Results Summary

What was the research about?

Asthma is a health problem that makes it hard for people to breathe. People often rely on insurance plans to help pay for care and medicine to control asthma. But some types of plans provide more help than others. With high-deductible health plans, or HDHPs, people pay more toward the cost of their care than they do with low-deductible plans. Higher costs may affect whether people can afford medicines. For this reason, some HDHPs have a list of medicines that are free to people, like asthma medicines.

The research team wanted to learn about the impact of insurance changes on health care for people with asthma. They did two studies. The first compared people whose employer switched to an HDHP versus people who stayed on a low-deductible plan. The second compared people whose HDHP added a free medicine list versus people whose plan didn’t.

What were the results?

Compared with people who stayed on low-deductible plans, people whose employers switched to HDHPs:

  • Filled fewer prescriptions for long-acting inhaled asthma control medicines and took these medicines less often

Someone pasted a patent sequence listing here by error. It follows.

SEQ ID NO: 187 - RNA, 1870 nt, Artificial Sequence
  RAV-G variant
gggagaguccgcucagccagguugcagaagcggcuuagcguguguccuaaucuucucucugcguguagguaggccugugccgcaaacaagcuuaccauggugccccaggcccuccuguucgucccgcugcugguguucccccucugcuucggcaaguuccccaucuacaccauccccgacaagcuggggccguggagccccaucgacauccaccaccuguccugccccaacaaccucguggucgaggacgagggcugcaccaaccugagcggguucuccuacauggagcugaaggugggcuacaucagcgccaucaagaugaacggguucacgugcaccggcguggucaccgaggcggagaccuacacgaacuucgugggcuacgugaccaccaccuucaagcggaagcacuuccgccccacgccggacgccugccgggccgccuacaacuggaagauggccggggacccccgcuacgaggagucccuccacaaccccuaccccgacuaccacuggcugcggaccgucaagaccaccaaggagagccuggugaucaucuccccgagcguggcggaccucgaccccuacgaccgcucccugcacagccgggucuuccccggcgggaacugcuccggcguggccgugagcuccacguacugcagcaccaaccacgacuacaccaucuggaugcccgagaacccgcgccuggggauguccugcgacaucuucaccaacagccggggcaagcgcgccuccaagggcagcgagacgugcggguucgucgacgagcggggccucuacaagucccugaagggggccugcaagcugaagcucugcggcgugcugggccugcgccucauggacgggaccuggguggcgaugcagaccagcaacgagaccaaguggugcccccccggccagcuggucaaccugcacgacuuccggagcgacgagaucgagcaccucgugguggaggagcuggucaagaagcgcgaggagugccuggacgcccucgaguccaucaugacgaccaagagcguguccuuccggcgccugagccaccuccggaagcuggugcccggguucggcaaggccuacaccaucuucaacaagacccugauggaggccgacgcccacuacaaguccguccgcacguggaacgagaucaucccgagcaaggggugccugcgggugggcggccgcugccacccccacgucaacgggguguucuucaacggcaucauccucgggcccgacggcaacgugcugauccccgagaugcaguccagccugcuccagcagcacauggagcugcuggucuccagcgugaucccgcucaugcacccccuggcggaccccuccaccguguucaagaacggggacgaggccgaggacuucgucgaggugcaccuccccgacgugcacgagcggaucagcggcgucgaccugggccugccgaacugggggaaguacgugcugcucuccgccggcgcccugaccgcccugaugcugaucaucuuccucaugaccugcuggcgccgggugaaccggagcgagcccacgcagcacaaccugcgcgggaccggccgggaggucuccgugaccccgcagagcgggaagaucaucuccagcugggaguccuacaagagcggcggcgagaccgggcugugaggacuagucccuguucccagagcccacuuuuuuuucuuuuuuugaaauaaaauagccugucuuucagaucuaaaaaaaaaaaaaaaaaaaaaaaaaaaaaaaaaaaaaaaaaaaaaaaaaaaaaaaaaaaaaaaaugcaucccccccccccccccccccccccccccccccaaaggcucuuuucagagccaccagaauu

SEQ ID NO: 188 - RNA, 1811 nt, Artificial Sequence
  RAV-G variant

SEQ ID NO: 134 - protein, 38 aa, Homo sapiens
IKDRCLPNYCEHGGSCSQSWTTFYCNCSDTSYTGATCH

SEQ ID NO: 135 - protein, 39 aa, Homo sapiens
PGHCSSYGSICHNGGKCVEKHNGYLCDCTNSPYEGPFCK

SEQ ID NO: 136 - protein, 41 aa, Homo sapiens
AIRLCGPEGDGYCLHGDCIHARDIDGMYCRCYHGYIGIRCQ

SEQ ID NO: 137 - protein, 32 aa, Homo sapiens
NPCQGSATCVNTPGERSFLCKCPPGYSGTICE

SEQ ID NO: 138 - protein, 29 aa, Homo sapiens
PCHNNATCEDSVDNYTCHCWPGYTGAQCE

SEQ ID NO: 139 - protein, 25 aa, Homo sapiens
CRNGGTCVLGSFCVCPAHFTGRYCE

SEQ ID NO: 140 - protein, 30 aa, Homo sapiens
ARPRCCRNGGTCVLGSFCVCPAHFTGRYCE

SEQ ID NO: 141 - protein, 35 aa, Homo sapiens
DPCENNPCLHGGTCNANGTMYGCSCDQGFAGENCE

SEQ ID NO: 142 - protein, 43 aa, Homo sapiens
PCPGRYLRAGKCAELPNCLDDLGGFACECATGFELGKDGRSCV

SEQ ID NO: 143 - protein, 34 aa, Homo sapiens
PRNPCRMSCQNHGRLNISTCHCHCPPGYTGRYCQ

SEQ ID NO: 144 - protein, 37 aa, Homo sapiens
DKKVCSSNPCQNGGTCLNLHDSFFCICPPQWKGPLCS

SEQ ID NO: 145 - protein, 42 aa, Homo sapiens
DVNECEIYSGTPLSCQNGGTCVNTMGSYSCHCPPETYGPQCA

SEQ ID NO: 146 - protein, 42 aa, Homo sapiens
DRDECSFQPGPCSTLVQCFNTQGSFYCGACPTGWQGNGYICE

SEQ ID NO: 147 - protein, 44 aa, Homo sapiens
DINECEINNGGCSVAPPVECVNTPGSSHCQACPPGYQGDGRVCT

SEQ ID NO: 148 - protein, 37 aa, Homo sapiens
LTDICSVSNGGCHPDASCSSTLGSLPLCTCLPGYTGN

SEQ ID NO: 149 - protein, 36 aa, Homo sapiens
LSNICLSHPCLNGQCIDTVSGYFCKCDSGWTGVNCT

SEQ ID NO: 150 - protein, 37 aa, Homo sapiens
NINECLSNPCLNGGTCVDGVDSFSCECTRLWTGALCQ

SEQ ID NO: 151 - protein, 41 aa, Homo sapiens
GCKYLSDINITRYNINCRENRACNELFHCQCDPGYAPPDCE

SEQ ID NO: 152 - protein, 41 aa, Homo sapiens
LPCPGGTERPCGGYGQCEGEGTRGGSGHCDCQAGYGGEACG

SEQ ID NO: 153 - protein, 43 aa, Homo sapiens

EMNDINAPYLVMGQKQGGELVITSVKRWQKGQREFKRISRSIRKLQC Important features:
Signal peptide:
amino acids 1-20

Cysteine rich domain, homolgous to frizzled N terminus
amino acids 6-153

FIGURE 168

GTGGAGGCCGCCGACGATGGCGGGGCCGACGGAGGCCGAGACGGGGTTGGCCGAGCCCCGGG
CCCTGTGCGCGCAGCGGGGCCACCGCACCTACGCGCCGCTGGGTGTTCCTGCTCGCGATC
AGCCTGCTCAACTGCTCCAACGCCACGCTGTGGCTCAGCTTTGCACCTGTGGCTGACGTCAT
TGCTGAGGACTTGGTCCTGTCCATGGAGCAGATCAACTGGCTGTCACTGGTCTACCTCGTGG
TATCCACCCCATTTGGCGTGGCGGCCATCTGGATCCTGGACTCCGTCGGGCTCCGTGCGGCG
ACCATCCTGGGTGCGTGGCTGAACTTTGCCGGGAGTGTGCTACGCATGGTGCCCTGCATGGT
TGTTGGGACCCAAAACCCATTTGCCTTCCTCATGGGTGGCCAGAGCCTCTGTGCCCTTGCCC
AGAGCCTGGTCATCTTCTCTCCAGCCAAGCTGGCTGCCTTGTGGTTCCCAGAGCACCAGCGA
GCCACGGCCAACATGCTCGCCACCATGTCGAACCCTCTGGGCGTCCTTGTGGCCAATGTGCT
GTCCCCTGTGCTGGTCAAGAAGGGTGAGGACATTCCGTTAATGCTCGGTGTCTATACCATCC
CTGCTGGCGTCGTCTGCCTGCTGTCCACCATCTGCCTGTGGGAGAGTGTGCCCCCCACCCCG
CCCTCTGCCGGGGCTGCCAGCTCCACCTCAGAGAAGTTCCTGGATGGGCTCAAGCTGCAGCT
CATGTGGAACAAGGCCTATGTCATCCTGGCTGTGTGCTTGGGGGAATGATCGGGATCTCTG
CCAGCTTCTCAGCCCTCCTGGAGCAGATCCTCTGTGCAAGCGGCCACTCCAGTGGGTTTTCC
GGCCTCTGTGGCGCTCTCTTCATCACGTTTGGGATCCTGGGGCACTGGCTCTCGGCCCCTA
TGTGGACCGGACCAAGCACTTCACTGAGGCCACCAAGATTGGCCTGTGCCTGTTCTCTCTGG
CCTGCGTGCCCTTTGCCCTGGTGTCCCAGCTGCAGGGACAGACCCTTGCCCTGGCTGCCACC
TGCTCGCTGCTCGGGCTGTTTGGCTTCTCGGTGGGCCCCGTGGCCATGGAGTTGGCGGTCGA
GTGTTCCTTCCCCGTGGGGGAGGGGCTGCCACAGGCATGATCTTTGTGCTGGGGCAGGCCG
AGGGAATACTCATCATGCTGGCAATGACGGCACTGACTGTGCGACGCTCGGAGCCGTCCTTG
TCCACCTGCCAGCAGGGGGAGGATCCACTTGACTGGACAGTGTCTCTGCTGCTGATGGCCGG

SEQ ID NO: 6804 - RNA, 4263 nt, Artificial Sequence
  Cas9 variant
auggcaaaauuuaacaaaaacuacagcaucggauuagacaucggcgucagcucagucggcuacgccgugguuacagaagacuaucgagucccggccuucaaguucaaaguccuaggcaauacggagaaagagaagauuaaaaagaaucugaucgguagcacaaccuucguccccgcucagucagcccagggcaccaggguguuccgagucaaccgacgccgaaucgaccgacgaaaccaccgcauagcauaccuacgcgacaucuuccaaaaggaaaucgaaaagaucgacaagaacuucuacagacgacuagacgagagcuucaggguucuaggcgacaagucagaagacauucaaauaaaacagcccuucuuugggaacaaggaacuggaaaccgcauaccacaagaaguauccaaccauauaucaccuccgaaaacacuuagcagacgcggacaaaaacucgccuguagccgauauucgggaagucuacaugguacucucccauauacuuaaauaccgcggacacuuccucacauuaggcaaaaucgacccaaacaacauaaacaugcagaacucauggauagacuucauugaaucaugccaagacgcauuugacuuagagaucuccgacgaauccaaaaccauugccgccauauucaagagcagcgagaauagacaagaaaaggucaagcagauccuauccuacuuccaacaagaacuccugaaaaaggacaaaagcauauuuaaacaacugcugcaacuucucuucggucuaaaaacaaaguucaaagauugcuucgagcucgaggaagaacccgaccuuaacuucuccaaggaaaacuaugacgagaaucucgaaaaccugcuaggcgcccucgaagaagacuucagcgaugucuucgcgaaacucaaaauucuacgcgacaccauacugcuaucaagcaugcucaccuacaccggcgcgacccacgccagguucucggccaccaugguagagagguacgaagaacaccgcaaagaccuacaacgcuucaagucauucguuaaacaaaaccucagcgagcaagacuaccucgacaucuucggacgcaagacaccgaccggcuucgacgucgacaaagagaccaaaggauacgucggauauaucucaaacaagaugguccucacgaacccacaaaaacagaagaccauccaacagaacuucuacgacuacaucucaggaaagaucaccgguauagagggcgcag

• Had higher out-of-pocket costs for asthma care

Among people on HDHPs, people whose plan added a free medicine list had lower out-of-pocket costs than people whose plan didn’t add such a list. Use of asthma control medicines didn’t differ between the two groups.

The two studies found no differences in:

  • Use of other types of asthma control medicines, like pills or short-acting inhaled asthma control medicines
  • Asthma attacks
  • How often people filled prescriptions for albuterol, a medicine used during an asthma attack, or spacers, which hold asthma inhalers in place, making it easier to breathe the medicine in

What did the research team do?

The research team reviewed insurance claims for people with asthma. All had insurance through their jobs.

Study 1 included insurance claims from 2002 to 2014 for 184,579 children and adults ages 4–64 who had asthma. Of these, 72 percent were White, 7 percent were Hispanic, 2 percent were Asian, 2 percent were Black, and 18 percent were more than one race or ethnicity. Also, 54 percent were women.

Study 2 included claims from 2004 to 2017 for 12,174 children and adults ages 4–64 who had asthma. Of these, 78 percent were White, 7 percent were Black, and 7 percent were Hispanic; 56 percent were women.

People with asthma, parents of children with asthma, a drug company, insurers, employers, and patient groups gave input on the study.

What were the limits of the study?

The study didn’t account for some differences between people whose plans did and didn’t change, like how severe their asthma was. These differences may have affected the results.

Future research could look at how HDHPs affect people with severe asthma and at other health outcomes like family stress and well-being.

How can people use the results?

People with asthma and employers can use the results when considering types of insurance.

Final Research Report

View this project's final research report.

Peer-Review Summary